From Endurance to Dressage
I like to run, but I don't really like to exercise. When school gets out each June, I am ready to return to running, but the heat usually keeps me indoors. Not this summer, I swore. On my way home from work on the last Friday of the school year, I stopped by the gym for a three month membership.
I've managed to go for a run about five days a week. I am even considering extending my membership through the end of the year. It's not that I am lazy, but when I work full time, I am busy! I leave for work by 6:30 a.m. and get home at 3:45 where I promptly change and head to the barn by 4:00. I ride and turn out both horses as well as clean my stalls and help with feeding. I get home around 6:00 and cook dinner. By the time dinner is cooked and the dishes done, it's 7:30 and the bed is gently calling my name. When will I have time to get to the gym? I might be able to make it work if I get up at 4:30 a.m.
This is horse-related, I promise. I've learned a lot while spending those 30 minutes each day on the treadmill. Who would have thought a treadmill would work for dressage?
Rhythm: oh! When the speed is set at 5.5 mph, you have to go 5.5 mph. There's no speeding up or slowing down, or you might fly off the back. Speedy likes to speed up and slow down; that's not maintaining a rhythm.
Lengthening: I've played around with this on the treadmill. I can go 5.5 mph with a longer stride or a shorter stride. I discovered that I do this when the music changes on my iPod. Instead of running faster, I just lengthen my stride and stay in the air longer.
Balance: mine stinks! I can definitely feel how uneven my own lateral balance is. I hit the ground much harder on my right side than I do on my left. Both my ponies have a more unbalanced side, too.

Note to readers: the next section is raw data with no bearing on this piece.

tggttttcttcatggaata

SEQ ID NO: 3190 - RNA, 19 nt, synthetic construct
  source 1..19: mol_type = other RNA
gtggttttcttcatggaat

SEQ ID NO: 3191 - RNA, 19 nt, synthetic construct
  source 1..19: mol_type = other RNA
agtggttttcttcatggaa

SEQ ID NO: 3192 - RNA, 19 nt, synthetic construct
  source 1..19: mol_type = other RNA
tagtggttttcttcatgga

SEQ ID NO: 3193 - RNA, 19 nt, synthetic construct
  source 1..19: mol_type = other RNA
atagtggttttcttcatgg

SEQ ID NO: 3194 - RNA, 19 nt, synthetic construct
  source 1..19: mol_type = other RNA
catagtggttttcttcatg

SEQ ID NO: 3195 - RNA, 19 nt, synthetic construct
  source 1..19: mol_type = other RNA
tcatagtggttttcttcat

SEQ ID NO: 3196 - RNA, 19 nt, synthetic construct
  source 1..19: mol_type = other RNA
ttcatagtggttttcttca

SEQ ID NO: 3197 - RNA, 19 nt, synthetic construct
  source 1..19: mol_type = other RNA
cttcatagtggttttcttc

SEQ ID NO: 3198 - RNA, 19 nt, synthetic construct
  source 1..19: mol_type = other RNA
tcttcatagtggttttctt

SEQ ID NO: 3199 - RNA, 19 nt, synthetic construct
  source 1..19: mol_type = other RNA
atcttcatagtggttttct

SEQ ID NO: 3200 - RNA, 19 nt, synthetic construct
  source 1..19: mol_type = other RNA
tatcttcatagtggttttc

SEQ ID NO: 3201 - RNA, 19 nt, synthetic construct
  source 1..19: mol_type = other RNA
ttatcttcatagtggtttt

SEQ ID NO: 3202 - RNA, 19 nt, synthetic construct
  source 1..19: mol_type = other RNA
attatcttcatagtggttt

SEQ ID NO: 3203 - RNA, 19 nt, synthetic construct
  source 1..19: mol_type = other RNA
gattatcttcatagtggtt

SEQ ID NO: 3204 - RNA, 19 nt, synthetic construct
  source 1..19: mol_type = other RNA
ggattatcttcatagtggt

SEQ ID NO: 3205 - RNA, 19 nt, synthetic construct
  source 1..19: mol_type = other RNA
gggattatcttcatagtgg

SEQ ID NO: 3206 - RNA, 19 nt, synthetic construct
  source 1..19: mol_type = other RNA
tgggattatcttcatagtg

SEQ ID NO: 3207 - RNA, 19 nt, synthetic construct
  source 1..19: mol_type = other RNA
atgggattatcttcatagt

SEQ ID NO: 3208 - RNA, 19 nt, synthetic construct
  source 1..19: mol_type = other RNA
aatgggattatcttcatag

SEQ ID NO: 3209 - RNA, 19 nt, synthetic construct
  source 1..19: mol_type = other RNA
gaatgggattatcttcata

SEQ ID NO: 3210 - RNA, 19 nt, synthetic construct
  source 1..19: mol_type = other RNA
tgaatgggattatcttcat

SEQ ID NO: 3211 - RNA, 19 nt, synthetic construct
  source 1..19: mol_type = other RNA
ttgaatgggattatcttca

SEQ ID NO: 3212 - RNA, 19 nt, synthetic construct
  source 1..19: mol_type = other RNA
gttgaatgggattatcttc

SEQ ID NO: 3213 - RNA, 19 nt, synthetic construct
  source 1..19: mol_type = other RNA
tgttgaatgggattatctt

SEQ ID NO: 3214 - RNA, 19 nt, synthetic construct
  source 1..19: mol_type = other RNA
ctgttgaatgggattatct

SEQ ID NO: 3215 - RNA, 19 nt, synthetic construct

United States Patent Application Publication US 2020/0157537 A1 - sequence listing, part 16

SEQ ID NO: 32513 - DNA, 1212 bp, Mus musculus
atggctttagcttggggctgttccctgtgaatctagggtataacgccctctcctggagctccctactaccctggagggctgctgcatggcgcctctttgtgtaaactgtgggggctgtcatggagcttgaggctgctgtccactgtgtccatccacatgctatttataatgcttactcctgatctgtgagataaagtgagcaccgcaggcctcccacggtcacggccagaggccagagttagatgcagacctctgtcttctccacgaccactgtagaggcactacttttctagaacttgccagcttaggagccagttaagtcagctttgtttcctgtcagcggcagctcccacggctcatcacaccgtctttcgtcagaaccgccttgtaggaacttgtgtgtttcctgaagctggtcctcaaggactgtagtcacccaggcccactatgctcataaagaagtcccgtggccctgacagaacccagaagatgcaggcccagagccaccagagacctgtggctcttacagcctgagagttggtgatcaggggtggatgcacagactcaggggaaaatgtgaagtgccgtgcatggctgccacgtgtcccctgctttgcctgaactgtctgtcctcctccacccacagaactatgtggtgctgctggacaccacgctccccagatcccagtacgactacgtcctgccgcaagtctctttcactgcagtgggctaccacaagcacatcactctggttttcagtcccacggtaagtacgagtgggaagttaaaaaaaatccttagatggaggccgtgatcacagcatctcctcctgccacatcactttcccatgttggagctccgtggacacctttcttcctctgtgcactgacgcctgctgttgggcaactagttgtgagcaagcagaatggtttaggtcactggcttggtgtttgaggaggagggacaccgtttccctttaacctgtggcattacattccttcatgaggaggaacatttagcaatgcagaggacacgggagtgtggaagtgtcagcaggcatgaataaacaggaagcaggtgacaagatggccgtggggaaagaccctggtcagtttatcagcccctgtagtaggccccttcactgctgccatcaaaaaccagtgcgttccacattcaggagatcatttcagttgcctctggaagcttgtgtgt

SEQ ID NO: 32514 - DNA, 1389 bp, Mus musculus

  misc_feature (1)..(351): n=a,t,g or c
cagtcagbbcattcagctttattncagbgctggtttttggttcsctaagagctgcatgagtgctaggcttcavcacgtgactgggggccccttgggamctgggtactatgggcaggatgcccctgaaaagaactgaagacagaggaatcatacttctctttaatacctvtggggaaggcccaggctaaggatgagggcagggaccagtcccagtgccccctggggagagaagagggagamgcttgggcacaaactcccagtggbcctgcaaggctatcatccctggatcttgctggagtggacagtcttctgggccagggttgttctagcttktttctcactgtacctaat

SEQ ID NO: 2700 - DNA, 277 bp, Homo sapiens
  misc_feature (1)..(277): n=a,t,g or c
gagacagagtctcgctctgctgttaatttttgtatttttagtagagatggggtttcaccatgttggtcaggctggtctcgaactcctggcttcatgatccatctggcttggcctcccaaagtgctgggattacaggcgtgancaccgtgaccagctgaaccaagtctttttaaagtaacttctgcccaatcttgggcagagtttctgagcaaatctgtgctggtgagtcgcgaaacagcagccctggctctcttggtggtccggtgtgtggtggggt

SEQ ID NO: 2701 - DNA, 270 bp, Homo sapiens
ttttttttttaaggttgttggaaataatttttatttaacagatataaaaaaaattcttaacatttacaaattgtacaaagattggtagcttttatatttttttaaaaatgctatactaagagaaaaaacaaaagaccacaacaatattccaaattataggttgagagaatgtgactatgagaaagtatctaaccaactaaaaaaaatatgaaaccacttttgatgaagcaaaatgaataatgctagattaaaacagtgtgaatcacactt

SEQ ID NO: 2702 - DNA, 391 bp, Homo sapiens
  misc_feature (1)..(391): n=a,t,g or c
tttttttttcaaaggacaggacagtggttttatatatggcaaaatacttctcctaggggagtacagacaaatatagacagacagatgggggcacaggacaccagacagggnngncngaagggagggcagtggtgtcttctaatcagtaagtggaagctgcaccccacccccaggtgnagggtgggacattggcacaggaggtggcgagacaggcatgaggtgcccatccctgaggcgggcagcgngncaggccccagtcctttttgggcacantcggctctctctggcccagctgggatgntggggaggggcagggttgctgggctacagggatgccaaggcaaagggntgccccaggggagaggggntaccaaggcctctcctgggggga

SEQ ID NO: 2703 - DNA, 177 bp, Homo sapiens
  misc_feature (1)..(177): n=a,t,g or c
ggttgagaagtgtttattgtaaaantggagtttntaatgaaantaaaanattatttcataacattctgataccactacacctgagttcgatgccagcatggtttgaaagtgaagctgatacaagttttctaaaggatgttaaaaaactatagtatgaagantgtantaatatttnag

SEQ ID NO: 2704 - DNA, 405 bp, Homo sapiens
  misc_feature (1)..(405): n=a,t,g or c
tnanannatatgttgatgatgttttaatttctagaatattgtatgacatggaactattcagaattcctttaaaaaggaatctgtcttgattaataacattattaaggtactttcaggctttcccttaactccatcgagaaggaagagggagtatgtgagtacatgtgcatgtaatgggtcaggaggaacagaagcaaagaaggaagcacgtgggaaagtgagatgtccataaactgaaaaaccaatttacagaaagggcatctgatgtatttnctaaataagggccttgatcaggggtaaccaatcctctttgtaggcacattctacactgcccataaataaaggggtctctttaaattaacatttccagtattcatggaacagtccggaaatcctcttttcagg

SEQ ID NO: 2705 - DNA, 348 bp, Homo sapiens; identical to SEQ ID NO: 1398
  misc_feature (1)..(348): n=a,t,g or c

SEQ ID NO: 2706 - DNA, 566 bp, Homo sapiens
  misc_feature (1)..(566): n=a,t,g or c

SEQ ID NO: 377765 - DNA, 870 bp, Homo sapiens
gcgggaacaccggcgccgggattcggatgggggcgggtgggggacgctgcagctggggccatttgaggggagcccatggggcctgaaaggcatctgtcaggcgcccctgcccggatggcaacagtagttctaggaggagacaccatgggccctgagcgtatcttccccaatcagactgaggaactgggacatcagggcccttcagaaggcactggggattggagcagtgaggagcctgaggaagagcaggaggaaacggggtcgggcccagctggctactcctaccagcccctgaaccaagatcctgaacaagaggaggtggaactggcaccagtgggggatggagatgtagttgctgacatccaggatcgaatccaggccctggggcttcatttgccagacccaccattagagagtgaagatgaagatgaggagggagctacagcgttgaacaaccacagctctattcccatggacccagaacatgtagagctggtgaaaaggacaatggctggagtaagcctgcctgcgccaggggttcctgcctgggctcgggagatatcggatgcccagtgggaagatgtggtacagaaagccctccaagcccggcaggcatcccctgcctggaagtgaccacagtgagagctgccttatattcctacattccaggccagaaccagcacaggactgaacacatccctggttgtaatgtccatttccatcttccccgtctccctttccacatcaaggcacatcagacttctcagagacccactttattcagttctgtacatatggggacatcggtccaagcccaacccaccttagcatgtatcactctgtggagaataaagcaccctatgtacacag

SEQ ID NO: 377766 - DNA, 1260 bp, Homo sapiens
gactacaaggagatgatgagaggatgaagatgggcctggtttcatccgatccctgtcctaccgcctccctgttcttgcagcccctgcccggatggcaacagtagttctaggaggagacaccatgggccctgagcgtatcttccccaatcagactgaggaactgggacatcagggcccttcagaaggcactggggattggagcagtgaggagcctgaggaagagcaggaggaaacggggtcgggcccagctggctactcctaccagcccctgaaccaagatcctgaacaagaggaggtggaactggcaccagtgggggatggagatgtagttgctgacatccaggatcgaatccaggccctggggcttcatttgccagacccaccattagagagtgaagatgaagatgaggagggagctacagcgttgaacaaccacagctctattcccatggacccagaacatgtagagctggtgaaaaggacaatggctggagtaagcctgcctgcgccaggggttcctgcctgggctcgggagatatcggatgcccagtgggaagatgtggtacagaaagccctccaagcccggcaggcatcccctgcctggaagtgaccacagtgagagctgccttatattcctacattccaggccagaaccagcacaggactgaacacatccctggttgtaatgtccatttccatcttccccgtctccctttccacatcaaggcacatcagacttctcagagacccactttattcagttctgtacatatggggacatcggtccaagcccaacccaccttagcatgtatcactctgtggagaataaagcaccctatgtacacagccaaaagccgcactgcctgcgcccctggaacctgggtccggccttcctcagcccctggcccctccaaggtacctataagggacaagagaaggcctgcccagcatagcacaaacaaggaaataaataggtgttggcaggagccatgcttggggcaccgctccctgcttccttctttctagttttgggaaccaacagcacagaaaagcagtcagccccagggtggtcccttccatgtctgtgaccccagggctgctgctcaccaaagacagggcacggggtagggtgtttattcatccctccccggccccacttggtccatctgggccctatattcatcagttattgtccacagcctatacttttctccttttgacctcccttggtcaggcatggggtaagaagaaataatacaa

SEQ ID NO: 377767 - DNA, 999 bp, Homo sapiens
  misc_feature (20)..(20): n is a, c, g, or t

The Walk: my maximum, sustainable walk is 4.5 mph, and it's hard to do. After that I need to break into a jog. With more practice and training I might be able to maintain a faster pace. I can walk out really big and loose at 4 mph. That's when I can get my best free walk. My stride is long and swinging. Speedy has a lazy free walk and doesn't want to lengthen his stride. Maybe he needs to get on the treadmill!
Looseness: I am always searching for this quality. USDF defines looseness as, Freedom from, or release from, negative physical and mental tension. Relaxation. This is when I get in the zone. Chunks of time can pass where I am not even aware of the work that I am doing. I feel powerful and empowered. I know this is referred to as a runner's high. I wish I could feel it more often.
Running is mental for me. The muscle fatigue and shortness of breath are nothing compared to the difficulty of just DOING IT! When I feel like stopping short of my time, I repeat a favorite line from The Matrix, is that air that you're breathing? Morpheus asks this of Neo while training. The point is that Neo is experiencing a mental fatigue since his body is safely tucked away on the ship while his mind is in a computer program. I know I can continue; it's all about convincing your body of what your mind believes.
How do I get my horses to be loose? This is a biggie for Sydney. The last few months have been spent teaching Sydney that he can trust my hands to be gentle and giving.